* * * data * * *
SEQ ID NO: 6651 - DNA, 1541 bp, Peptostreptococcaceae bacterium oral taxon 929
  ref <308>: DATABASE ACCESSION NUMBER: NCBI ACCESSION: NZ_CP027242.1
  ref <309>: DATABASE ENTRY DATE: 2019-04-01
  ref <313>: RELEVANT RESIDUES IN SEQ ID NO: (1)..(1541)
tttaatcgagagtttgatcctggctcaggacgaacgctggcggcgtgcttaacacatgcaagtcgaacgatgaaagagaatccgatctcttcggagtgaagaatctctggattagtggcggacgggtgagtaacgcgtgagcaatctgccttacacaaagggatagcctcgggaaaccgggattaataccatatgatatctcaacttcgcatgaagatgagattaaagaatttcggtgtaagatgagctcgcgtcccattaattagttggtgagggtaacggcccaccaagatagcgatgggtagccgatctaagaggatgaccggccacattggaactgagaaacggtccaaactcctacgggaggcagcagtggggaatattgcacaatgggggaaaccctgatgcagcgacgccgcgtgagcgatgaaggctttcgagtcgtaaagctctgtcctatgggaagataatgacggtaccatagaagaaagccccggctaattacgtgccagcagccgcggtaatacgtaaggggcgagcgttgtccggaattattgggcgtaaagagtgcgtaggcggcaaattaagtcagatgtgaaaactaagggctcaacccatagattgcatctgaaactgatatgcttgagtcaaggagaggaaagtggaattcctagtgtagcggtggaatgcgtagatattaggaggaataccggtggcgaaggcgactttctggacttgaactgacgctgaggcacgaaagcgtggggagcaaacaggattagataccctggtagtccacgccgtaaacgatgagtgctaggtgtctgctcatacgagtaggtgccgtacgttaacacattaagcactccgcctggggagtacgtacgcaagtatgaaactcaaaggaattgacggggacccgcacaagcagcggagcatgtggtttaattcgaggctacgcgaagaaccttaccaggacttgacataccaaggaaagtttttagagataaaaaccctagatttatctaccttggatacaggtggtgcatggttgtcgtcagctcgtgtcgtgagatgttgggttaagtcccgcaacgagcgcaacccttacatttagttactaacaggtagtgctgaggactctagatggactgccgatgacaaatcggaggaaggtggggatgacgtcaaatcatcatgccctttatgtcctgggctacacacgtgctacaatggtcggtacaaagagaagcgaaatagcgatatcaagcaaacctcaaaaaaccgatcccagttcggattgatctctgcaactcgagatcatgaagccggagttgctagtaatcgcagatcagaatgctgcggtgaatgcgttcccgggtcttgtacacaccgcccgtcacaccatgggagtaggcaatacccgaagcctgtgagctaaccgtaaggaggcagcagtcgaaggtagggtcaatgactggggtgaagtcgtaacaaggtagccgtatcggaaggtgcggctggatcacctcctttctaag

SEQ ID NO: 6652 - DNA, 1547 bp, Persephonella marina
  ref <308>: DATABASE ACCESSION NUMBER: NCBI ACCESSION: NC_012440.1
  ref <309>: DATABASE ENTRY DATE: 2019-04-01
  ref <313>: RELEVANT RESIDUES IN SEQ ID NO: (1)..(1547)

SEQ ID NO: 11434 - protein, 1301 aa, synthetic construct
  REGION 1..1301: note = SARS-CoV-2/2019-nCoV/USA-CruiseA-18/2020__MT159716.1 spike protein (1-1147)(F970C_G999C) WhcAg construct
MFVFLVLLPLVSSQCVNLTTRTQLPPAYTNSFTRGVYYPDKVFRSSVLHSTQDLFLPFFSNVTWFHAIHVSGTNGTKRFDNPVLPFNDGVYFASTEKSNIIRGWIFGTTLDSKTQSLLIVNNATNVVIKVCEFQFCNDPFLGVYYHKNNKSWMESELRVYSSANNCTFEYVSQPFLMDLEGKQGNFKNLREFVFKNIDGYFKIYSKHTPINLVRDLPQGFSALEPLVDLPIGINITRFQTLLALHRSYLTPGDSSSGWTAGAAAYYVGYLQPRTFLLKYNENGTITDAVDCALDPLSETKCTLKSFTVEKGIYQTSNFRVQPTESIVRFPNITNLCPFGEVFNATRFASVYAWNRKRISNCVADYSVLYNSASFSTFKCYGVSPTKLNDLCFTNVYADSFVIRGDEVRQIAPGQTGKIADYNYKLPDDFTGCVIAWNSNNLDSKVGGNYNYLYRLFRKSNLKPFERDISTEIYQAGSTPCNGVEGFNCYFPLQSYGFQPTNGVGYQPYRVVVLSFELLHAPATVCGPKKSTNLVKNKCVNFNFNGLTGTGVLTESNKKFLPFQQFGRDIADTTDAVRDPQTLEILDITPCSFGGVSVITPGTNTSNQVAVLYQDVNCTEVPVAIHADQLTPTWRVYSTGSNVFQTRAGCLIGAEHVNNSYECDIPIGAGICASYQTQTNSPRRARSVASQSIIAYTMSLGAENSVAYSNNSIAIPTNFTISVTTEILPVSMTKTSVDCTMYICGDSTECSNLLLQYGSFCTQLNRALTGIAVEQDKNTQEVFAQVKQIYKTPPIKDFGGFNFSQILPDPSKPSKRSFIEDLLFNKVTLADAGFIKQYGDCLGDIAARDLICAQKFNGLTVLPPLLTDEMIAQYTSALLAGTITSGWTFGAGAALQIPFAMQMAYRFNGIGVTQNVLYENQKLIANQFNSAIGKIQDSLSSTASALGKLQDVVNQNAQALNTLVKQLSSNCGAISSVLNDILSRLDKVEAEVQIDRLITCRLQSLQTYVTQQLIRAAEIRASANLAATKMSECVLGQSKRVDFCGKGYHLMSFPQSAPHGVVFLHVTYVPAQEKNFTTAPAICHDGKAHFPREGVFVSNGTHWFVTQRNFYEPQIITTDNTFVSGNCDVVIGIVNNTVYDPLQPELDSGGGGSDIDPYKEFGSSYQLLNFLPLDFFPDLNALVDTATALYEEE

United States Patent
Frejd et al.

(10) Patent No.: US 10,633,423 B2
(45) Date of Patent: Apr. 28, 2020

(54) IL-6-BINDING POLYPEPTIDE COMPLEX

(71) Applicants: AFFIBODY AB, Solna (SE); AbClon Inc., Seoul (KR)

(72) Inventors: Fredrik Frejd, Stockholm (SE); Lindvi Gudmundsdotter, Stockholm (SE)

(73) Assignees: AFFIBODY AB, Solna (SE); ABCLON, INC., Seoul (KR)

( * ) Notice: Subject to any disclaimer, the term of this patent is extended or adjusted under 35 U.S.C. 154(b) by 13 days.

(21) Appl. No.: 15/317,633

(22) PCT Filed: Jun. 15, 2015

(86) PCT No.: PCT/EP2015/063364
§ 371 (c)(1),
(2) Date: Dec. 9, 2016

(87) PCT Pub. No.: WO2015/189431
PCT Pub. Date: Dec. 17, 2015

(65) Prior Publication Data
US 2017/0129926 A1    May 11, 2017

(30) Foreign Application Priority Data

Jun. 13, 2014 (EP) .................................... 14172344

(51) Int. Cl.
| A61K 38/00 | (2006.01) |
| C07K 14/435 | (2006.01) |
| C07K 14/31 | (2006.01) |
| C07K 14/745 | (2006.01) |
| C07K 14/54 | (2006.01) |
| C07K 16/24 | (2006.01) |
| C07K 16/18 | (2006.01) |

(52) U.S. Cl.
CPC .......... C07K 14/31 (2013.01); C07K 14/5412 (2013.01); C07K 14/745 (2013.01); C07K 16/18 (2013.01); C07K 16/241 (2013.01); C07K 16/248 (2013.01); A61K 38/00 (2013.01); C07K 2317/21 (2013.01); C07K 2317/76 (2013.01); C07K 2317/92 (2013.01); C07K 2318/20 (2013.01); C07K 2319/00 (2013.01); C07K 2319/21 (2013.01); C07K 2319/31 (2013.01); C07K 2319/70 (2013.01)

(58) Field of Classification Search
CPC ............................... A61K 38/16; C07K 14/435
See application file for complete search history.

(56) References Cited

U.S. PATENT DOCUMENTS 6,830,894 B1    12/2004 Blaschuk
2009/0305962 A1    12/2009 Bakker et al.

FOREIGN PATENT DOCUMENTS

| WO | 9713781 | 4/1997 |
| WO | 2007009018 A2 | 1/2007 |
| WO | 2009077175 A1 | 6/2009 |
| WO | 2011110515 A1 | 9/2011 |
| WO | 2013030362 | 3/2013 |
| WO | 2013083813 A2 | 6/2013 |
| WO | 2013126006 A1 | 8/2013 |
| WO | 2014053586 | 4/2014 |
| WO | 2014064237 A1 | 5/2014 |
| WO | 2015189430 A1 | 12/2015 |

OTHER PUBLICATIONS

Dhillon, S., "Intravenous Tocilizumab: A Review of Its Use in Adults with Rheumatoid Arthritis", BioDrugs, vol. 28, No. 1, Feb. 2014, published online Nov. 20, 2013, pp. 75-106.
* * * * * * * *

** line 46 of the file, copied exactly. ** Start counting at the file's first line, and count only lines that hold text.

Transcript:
(56) References Cited